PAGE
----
Jan Tack, Florencia Carbone; Alessandra Rotondo

Disclosures

Curr Opin Gastroenterol. 2015;31(6):499-505. 

In This Article

Pathophysiological Mechanisms

Pyloric Resistance

Under physiological circumstances, the pylorus is a key regulator of nutrient passage from the stomach into the duodenum.[8] Although pyloric hypertonicity has been implicated in the pathogenesis of gastroparesis, evidence was limited, and technologies to measure pyloric function were cumbersome.[9] The recently developed endoscopic functional luminal imaging probe (EndoFLIP), a catheter-mounted balloon with impedance sensors for measuring balloon diameter, enables measurement of resistance of the pylorus to distension.[10]

Malik et al.[11] used the EndoFLIP to measure pyloric resistance in 54 gastroparesis patients (39 idiopathic, 15 diabetic) during endoscopy. At a 40 ml balloon volume, pyloric diameter did not differ between diabetic and idiopathic gastroparesis, and was not correlated to gastric emptying rate measured by scintigraphy. Symptom intensities of early satiety and postprandial fullness, measured with the Patient's Assessment of GastroIntestinal Symptoms (PAGI-SYM) questionnaire,[12] were inversely correlated to pyloric diameter.[11] However, the lack of a control group is a limitation.

Gourcerol et al.[13] used the EndoFLIP to measure pyloric resistance in 21 healthy controls, 27 gastroparesis patients, and five patients with esophagectomy without pyloroplasty. Fasting pyloric compliance was significantly higher in controls compared with both patient groups. In the patients, fasting pyloric compliance correlated with symptoms as well as quality of life, measured with the Gastrointestinal Quality of Life Index (GIQLI) score. These findings support a pathophysiological role for pyloric resistance in gastroparesis. The 10 patients with the lowest pyloric compliance underwent pneumatic pyloric dilation and reevaluation after 10 days showed improved symptoms, gastric emptying, and GIQLI score.[13] Limitations are the small size of the treated group, short follow-up, and measurement of compliance in the fasting state.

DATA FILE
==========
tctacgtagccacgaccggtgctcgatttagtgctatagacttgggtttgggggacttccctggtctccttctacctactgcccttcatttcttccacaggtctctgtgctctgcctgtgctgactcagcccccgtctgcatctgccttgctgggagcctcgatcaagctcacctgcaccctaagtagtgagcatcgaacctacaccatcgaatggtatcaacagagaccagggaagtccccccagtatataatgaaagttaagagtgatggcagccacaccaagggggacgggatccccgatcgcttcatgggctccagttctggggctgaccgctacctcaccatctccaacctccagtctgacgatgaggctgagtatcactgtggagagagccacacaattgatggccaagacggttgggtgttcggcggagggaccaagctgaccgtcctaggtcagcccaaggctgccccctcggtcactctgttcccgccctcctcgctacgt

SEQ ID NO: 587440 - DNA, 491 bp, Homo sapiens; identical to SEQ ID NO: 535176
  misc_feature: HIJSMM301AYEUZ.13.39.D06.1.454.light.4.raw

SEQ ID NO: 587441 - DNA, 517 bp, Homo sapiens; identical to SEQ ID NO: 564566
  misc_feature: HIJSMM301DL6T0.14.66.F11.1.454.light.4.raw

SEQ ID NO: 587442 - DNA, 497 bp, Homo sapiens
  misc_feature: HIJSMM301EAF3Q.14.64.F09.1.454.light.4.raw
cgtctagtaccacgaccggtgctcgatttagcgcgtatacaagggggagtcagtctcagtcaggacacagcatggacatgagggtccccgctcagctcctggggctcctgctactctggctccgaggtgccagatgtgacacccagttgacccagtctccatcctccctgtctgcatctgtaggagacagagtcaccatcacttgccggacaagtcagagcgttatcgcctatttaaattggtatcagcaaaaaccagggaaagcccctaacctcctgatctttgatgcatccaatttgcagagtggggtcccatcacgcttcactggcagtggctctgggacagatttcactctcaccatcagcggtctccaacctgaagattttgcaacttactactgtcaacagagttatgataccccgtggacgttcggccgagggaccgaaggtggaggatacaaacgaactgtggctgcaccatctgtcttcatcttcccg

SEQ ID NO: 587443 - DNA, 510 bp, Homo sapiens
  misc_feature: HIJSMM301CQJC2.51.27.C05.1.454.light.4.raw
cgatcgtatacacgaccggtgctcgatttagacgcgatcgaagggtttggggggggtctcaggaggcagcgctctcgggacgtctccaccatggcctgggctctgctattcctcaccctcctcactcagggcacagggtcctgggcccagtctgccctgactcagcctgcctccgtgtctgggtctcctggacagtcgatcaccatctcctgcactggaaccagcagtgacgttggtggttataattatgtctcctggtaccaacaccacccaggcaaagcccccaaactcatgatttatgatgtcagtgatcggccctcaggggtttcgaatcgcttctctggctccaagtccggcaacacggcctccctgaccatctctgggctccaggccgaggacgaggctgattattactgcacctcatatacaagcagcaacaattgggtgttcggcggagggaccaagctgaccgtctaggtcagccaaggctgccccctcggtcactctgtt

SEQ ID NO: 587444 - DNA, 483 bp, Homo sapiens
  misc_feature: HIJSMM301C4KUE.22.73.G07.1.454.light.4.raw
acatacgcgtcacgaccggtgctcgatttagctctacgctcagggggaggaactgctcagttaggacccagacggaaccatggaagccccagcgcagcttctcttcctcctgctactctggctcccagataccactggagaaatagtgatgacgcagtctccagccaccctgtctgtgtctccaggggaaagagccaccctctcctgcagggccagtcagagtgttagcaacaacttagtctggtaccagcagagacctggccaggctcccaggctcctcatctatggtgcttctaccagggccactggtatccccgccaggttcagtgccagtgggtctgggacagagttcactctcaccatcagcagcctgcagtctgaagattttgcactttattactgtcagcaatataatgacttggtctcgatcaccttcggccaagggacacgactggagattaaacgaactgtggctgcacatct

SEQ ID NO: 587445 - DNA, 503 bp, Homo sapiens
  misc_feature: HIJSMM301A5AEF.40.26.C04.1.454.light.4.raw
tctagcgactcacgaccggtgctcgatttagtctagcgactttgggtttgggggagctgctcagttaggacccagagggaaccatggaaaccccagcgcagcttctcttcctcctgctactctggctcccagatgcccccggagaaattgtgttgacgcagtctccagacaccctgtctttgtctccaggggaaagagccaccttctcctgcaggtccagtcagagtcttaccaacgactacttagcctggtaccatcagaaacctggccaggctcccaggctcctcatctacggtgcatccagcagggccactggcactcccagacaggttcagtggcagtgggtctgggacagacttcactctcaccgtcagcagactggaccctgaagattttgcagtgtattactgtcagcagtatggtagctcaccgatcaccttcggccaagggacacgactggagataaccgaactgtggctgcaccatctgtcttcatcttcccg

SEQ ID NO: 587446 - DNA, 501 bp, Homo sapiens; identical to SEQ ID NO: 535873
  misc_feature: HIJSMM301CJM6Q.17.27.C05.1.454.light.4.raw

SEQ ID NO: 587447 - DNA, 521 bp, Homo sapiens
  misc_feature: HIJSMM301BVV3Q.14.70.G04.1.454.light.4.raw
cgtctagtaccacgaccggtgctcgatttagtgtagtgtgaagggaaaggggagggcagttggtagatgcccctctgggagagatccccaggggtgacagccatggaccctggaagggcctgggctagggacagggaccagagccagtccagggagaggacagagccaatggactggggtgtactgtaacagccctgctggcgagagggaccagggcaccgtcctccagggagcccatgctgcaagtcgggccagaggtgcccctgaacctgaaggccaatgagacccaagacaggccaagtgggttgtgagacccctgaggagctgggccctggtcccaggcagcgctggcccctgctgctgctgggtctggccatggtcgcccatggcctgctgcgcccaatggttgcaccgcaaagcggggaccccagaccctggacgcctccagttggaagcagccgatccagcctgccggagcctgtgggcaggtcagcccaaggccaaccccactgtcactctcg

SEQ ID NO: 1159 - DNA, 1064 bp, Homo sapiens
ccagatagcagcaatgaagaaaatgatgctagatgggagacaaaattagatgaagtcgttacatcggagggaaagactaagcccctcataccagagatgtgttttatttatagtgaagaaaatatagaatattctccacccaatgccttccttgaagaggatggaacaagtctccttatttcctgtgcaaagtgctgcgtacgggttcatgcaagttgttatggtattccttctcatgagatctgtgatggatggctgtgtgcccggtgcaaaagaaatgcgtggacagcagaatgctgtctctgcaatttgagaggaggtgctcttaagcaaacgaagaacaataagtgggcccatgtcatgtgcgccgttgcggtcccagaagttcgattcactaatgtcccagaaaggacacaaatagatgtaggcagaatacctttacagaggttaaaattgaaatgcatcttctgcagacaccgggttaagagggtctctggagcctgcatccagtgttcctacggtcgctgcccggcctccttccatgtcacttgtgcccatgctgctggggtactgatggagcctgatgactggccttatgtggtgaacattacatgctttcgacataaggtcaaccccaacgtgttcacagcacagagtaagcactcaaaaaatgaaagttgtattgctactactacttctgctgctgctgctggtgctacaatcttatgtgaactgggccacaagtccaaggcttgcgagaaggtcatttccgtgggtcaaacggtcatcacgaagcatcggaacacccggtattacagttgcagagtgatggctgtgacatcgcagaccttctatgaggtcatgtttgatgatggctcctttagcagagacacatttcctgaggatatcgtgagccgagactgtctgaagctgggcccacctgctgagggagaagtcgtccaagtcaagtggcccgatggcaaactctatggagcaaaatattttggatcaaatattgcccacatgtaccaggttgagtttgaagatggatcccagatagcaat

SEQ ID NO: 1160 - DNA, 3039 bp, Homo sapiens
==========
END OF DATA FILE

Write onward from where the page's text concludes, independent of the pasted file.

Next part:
Duodenal Motility

Wireless motility capsule (WMC, Smartpill) was used to study the correlation of gastric and small intestinal motility to the symptom pattern in gastroparesis.[14] In addition to the traditional WMC parameters of gastric retention time and small bowel/colonic transit time, the authors also quantified antral and duodenal contractions from the manometry tracing as area under the curve (AUC) as well as motility index and contraction frequency, respectively, 1 h before and 1 h after emptying from the stomach. The authors found a moderate correlation between symptom severity and duodenal, but not antral AUC (Pearson correlation R = -0.42, P = 0.02). The gastroparesis cardinal symptom index (GCSI)[15] also correlated with the duodenal contraction frequency and the motility index (all R < -0.55, all P < 0.01), indicating that duodenal, rather than antral motility, correlates with symptoms.[14]

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